Constantinople, Fall of

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Constantinople, Fall of

On May 29, 1453, Turkish invaders captured the city of Constantinople, capital of the Byzantine Empire*. The fall of the city was a significant turning point in history, marking the end of more than 1,000 years of Christian rule and the rise of the Islamic Ottoman Empire.

Named Byzantium by the ancient Greeks, Constantinople lay on the edge of the narrow waterway separating Europe and Asia Minor (present-day Turkey). Constantine the Great, the first Christian emperor of Rome, made the city his capital in the 300s. Renamed Constantinople in his honor, it became one of the greatest and most magnificent cities of the Middle Ages. After the western part of the Roman Empire collapsed, the city remained the capital of the eastern Byzantine Empire.

In the 1300s the Ottoman Turks emerged as a major power in eastern Europe. In 1394 the Ottoman sultan Bayezid I began an eight-year blockade of Constantinople. The blockade ended only after the Mongol* ruler Tamerlane defeated and captured the sultan. In 1422 another Ottoman sultan, Murad II, led an unsuccessful siege* of the city.

Determined to capture Constantinople, Murad's son, Mehmed II, raised an army of more than 100,000 men and a naval force of more than 100 ships. By this time, the great Byzantine Empire had dwindled to a minor state. The emperor, Constantine XI, had fewer than 7,000 soldiers. Christian leaders in the West tried to send aid, but it arrived too late. Mehmed began a siege of Constantinople on April 6, 1453. The city held out for nearly two months, but on May 29 Mehmed launched a full-scale attack and captured Constantinople.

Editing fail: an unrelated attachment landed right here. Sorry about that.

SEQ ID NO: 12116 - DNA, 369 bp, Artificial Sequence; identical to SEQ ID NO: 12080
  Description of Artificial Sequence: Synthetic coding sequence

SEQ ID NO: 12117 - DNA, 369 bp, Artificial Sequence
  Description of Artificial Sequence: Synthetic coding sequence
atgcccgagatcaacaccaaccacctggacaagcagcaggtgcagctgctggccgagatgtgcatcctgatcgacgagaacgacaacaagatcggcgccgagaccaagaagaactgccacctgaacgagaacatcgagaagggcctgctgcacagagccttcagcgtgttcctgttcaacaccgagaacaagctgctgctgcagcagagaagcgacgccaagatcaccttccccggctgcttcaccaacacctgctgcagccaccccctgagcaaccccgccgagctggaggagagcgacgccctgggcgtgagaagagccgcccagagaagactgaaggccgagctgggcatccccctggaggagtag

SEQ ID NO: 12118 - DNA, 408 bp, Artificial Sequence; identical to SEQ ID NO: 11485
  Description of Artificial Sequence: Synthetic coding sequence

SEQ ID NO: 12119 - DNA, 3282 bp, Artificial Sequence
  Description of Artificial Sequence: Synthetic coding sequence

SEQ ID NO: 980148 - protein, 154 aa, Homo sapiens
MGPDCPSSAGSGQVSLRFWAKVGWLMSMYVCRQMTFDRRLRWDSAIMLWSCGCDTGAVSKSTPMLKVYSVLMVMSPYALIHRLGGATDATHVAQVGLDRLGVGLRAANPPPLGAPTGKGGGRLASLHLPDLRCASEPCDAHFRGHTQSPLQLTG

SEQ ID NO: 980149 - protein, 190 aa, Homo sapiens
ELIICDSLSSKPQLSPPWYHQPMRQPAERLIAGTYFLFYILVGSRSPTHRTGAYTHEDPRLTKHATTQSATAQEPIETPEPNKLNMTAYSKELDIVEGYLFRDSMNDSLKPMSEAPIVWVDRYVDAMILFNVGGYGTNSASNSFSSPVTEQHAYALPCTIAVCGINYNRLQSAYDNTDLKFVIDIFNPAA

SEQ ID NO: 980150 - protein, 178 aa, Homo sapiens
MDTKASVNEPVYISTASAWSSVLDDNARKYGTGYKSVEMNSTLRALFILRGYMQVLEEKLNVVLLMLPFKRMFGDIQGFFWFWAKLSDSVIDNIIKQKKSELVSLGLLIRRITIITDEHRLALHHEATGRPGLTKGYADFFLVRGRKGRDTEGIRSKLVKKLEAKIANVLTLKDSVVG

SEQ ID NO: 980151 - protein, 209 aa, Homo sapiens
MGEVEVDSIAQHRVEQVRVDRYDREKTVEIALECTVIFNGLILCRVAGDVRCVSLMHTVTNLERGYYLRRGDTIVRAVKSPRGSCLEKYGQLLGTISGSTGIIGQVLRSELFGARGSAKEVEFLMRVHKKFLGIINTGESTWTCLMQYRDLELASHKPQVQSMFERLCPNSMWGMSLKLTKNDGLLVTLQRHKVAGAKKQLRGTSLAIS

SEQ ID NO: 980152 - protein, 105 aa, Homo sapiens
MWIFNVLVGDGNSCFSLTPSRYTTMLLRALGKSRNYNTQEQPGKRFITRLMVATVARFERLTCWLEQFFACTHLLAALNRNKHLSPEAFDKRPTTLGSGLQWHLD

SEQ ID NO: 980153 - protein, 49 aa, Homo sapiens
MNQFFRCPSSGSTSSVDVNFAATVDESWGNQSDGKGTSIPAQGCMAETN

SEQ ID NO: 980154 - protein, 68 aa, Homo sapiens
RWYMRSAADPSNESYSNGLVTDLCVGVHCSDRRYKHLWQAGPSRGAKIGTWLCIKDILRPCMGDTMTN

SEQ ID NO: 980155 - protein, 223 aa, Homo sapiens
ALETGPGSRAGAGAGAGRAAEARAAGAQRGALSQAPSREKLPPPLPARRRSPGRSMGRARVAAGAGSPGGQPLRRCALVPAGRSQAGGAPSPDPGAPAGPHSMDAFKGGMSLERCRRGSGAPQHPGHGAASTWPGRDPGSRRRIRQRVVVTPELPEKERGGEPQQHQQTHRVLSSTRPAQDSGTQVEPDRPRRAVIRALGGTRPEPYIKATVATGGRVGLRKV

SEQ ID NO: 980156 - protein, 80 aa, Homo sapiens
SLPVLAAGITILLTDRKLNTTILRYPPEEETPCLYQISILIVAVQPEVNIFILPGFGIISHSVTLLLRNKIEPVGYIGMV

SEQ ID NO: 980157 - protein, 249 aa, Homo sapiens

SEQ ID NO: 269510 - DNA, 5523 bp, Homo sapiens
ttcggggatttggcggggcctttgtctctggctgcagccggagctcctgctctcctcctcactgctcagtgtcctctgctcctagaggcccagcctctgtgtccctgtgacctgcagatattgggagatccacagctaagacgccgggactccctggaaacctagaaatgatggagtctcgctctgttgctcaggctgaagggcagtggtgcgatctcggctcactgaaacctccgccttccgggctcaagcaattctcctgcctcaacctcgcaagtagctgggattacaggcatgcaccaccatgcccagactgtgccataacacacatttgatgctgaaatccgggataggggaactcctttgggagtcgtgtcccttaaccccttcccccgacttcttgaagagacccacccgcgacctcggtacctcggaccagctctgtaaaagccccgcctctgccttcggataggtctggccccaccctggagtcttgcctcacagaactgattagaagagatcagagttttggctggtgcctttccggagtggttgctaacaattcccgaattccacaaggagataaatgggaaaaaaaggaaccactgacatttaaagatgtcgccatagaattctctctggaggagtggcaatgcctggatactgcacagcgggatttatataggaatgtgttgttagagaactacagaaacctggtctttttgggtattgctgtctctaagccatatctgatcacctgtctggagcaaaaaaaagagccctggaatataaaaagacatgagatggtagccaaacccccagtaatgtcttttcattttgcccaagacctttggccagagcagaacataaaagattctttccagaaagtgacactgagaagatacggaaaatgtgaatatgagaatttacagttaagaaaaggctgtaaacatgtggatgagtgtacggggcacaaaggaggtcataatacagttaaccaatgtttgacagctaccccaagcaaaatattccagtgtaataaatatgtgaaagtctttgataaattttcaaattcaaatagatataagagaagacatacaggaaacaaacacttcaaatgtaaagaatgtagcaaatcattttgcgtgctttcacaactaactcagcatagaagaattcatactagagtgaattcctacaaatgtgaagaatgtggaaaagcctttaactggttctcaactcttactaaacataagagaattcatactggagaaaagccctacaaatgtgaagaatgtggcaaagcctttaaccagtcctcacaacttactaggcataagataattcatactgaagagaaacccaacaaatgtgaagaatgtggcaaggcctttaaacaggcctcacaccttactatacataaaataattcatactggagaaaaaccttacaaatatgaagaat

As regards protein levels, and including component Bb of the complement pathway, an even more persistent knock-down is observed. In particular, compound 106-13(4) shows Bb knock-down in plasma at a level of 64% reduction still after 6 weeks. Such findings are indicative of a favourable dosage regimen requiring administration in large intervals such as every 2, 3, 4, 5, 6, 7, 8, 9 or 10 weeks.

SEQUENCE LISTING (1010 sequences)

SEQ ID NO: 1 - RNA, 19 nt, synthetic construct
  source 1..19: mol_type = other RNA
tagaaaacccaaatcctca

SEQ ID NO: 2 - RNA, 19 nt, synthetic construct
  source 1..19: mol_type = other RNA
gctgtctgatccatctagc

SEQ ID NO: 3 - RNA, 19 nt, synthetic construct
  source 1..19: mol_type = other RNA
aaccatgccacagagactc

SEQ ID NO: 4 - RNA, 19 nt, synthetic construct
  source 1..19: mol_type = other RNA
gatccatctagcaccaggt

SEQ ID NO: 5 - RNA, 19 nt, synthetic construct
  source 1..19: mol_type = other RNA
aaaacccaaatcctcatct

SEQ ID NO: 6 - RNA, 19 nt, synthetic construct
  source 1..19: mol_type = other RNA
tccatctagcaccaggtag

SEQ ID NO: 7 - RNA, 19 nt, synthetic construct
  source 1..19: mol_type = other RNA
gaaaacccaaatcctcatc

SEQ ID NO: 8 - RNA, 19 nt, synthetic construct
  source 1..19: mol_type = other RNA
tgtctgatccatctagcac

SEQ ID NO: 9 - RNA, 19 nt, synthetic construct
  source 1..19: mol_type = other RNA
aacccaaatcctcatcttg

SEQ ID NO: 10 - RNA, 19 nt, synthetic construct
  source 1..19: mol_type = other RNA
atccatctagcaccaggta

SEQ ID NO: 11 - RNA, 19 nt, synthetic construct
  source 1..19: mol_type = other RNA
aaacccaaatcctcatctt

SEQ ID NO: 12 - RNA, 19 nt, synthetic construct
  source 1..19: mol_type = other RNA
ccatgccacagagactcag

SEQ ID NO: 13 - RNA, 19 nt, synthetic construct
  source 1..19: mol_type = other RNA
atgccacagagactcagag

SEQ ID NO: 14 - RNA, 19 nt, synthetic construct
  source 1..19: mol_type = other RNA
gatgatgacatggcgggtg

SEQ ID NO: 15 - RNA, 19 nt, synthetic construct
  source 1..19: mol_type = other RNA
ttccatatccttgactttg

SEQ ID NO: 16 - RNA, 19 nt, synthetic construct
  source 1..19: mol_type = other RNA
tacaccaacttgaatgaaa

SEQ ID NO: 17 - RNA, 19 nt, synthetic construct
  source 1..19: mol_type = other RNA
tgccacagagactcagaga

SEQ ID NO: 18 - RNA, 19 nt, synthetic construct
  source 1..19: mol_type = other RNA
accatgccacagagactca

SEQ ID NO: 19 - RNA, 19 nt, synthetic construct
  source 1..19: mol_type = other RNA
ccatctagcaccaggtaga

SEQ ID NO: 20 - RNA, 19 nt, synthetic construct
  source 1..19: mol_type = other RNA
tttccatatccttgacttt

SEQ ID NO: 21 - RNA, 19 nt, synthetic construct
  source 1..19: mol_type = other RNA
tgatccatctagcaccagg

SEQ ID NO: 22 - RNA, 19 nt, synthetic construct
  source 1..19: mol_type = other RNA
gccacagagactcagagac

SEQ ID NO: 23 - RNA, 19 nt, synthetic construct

For several decades, Christians called for a new crusade to take Constantinople back from the Turks. But efforts to organize a crusade failed. Instead, the Ottomans continued on the offensive, seizing several territories in Greece and Italy. The fall of Constantinople ushered in a 250-year period during which the Ottomans threatened to overrun central Europe.

(See alsoChristianity; Greek Émigrés. )

* Byzantine Empire

Eastern Christian empire based in Constantinople (a.d. 476–1453)

* Mongol

member of a central Asian tribe that controlled much of Asia and eastern Europe during the Middle Ages

* siege

prolonged effort to force a surrender by surrounding a fortress or town with armed troops, cutting the area off from aid

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Constantinople, Fall of

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